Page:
stories, some that are still being formed, some that went over the transom in the last century
The "Brit a Day" series
What does a months-long parade of attractive British men have to do with fiction, you might well ask? These gentlemen have inspired some lovely scenes, part of the life I live in my head. Over time, some of these scenes reach out to one another and begin to form a story. For the present, each one of these pictures provides a writing prompt for me, a way to keep me writing with a sense of passion and narrative, even when the stories are not yet fully formed.
Sounds like the opening lines of a great comic book, huh? These are the opening lines of the epic poem 'Beowulf' from a translation that was published in 1999. Today's Brit is it's translator, Seamus Heaney. Heaney is a Nobel Prize winning poet in his own right, and despite being Irish, he is a technical Brit, coming from Northern Ireland. In the introduction to 'Beowulf,' he explains that the music/language of his translation from Old to Modern English owes its life to the 'big voice' of his father's Ulster relatives. I'm very excited to report that I began reading Heaney's 'Beowulf' today, and unlike my high school acquaintance with it, this time I don't think I'll be consulting the Cliff Notes.
Because my thoughts are with my handsome loved one who is working in Germany at the moment, I present Henry Ian Cusick as Agent Theo [said 'tay-o'] Stoller, an unforgettable character from the fifth season of '24.' Like Agent Stoller, my loved one speaks perfect English....Perfect German? Not so much.
I snagged this photo off the internet recently--it's dated July 2007, which looks about right, but I can't be sure. At any rate, it's my new favorite picture of Alan Rickman in all his arched-eyebrow glory. I should do a week of posts on arched eyebrows sometime. I bet I have multiple examples for every regular member of the cast. Raising one brow independently of the other seems to be a hallmark of fine British actors and musicians.
Next January we will finally get to see Ian Cusick's latest project, the pilot for the new show 'Scandal'. The photo above shows him in the character of Stephen Finch. I'm dying to know what he is thinking in this scene. Many elements of this production picture remind me of Randee St. Nicholas' portraits of Ian, one of which I'm posting [again, probably] below.
Alex Turner with Arctic Monkeys at SOMA, an all ages venue in San Diego, September 2009. My daughter was 14 at the time and we took her with us--her favorite song was 'Fake Tales of San Francisco'--and she spent most of the show sitting on her dad's shoulders. Let me tell you, it wasn't just her line of sight we were trying to protect. All ages clubs are much, much rowdier and moshier than 21 and ups, in my opinion. Babysitting was invented for a reason--to keep underage teens busy while the grown-ups go out.
I was trying to remember what Alan Rickman was doing in 1982, the year I graduated college. So I Googled, and OF COURSE [hand slaps forehead] he was playing Obediah Slope in 'The Barchester Chronicles.' This picture gets really huge, so if you wanna, click on it.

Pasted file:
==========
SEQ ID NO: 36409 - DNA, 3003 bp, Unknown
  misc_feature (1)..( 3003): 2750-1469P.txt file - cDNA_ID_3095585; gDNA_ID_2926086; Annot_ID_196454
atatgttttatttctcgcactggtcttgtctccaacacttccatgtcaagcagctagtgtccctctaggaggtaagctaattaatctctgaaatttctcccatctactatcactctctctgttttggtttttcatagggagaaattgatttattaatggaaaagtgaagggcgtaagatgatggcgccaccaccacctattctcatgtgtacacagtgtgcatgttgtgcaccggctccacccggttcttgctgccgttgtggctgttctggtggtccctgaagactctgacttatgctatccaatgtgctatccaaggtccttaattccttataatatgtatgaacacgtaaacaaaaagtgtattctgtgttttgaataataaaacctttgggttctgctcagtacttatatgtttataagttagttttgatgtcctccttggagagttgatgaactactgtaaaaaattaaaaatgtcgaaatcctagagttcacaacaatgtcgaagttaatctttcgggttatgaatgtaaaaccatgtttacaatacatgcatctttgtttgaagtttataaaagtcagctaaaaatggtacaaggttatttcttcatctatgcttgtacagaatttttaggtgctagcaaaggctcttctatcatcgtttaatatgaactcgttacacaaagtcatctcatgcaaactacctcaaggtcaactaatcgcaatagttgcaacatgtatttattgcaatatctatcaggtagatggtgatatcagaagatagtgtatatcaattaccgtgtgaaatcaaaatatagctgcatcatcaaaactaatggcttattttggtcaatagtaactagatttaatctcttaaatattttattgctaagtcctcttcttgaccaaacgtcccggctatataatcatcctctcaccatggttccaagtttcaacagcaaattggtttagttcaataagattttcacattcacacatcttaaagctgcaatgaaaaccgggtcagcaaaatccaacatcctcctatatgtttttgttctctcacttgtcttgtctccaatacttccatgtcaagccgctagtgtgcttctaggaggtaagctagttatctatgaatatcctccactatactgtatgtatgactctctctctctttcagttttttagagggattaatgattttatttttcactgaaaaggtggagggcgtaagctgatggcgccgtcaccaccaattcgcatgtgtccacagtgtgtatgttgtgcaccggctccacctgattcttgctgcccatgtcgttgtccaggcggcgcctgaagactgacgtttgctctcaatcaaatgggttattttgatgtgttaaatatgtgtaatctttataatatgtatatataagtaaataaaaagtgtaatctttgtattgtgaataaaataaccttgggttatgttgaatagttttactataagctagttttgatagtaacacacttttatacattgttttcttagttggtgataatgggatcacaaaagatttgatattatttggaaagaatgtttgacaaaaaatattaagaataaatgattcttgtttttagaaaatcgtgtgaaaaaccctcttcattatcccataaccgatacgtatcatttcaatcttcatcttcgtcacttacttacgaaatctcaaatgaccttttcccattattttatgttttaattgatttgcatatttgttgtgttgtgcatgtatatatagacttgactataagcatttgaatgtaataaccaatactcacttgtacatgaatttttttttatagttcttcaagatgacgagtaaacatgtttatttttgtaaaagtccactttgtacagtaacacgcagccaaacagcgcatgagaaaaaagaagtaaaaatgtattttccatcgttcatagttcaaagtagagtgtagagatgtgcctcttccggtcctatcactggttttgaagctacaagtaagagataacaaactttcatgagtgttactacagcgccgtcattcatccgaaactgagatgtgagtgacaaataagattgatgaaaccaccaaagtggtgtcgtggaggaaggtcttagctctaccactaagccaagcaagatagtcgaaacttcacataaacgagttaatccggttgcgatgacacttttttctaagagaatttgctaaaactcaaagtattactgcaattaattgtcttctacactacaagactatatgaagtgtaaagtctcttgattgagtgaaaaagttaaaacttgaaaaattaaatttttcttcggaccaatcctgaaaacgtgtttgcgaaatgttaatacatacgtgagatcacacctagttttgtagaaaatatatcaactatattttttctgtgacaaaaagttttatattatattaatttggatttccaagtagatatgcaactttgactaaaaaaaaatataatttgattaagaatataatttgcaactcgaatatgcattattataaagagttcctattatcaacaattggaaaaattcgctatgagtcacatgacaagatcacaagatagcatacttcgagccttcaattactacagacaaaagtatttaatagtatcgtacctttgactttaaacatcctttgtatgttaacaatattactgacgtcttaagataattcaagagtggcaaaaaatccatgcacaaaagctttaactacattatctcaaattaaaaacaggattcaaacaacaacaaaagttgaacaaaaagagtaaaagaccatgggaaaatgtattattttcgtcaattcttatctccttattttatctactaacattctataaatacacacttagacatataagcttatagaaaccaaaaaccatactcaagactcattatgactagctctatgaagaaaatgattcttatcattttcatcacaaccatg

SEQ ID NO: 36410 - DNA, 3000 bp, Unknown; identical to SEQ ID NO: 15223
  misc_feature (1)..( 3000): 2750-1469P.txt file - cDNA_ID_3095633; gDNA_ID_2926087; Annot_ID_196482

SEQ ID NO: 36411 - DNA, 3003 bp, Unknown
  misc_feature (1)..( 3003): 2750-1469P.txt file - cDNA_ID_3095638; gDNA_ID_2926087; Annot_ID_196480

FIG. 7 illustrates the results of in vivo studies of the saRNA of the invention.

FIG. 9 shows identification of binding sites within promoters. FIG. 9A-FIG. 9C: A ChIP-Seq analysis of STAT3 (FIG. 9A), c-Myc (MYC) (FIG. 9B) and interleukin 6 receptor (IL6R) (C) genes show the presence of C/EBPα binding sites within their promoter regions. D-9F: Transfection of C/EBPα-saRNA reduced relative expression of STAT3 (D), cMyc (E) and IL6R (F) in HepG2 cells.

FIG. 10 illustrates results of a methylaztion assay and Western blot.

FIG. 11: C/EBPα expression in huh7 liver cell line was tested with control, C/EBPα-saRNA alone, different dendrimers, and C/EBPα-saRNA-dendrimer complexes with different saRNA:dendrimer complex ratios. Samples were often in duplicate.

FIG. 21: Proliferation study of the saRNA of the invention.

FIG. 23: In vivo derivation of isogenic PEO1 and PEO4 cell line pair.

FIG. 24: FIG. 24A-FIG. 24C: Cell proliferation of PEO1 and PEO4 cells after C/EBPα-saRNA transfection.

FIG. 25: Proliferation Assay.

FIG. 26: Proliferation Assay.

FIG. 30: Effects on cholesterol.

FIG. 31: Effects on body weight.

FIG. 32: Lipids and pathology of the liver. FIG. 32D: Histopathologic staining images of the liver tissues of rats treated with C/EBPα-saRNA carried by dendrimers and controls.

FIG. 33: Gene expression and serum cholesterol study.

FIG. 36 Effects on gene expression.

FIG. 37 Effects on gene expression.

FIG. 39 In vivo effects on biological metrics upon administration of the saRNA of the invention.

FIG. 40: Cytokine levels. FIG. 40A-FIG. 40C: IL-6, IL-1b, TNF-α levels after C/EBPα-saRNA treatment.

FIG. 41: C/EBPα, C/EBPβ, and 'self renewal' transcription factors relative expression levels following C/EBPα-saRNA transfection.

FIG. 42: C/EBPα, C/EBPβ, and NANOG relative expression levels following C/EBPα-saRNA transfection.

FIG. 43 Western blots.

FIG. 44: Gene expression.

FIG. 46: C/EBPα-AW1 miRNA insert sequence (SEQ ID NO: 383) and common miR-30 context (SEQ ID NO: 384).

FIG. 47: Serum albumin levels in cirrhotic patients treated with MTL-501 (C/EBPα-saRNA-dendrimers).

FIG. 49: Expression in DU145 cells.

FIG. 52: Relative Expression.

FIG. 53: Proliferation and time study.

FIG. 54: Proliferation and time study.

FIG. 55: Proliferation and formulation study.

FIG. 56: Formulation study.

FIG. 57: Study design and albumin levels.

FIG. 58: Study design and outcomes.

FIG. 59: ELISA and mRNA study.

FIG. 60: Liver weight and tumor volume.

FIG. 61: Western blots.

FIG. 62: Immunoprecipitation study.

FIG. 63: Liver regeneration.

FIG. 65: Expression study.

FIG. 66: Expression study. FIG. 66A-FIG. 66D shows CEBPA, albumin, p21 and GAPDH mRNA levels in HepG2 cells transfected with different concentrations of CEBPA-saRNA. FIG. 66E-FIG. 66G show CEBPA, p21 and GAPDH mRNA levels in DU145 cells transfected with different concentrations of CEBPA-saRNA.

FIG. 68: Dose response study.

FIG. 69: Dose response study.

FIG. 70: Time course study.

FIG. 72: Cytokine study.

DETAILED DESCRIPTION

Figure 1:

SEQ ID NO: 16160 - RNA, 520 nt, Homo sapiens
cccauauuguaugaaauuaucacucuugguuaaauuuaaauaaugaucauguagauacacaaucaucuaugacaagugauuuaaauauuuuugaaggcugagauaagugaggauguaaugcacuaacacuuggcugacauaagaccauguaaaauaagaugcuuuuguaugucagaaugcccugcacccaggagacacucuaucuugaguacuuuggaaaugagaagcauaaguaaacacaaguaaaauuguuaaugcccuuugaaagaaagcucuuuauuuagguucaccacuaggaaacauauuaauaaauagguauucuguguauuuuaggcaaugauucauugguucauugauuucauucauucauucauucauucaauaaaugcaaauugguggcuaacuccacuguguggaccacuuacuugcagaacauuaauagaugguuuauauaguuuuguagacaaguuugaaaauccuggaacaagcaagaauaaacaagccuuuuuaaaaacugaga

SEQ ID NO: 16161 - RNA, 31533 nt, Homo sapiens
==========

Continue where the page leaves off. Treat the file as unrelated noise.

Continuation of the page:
"I might look like a lawyer, but I didn't play one on TV." Desmond Hume [Henry Ian Cusick] and Charles Widmore [Alan Dale] had the thousand dollar suits, expensive drink, and wood-paneled sanctuary of the world's second oldest profession, but as far as I know neither character ever went to law school. Raise your hand now if you'd like to see Ian Cusick playing a litigator on TV next fall.....
When we see Dan Radcliffe in the bleak and beautiful HP 7.1 [I watched it on DVD again this weekend] it's easy to forget that he really did start this endeavor as a little kid in HP 1. Here he is in NYC in 2001.
This picture, though small, brings back cherished childhood memories of scoping out good looking guys while riding public transportation. Nothing ever came of it--who'd date a guy who didn't have a car?
In honor of my 440th post [the number has no significance other than there are 4 humans residing in my home + 4 non-humans + 0 plants....what?!], today I'll start tagging each post with the name of the Brit who is its subject. Duh.
A lovely image for a day in May--Alan Rickman dancing. I first saw this artful photo adaptation on a website called The Rickmanista Review. It was a terrific fansite, but it hasn't been updated since 2005. I think the original picture was from a play called 'Tango at the End of Winter.'
I've discovered a new Brit to join our fun here at the blog, Jamie McKelvie, the artist behind the cover of the much-anticipated album 'Brilliant! Tragic!" I snagged a few more examples of his work from various websites, including the artwork for the single "Lost Weekend."
I'm getting pretty anxious for the next Art Brut album to come out, and it'd due May 23. I love the cover art work by Jamie McKelvie, and it reminds me of one of my favorite [albeit small] pictures of the band.
Plus, the girl character front and center on the cover could have been inspired by Freddy the bass player [left in the photo below].
Alex Turner acting as a non-example to kids everywhere. In his defense, it does look like he tried to go around the corner to have his smoke, but the photographer followed him anyway. Otherwise, it's great to see a full-length picture of him.
Half the fun of being a James Blunt fan--and I am a fan, though not a rabid one, I do think he's very talented--is trying to imagine him in a crewcut and uniform. There has hardly been an interview that did not dwell on his earlier life as a British Army officer.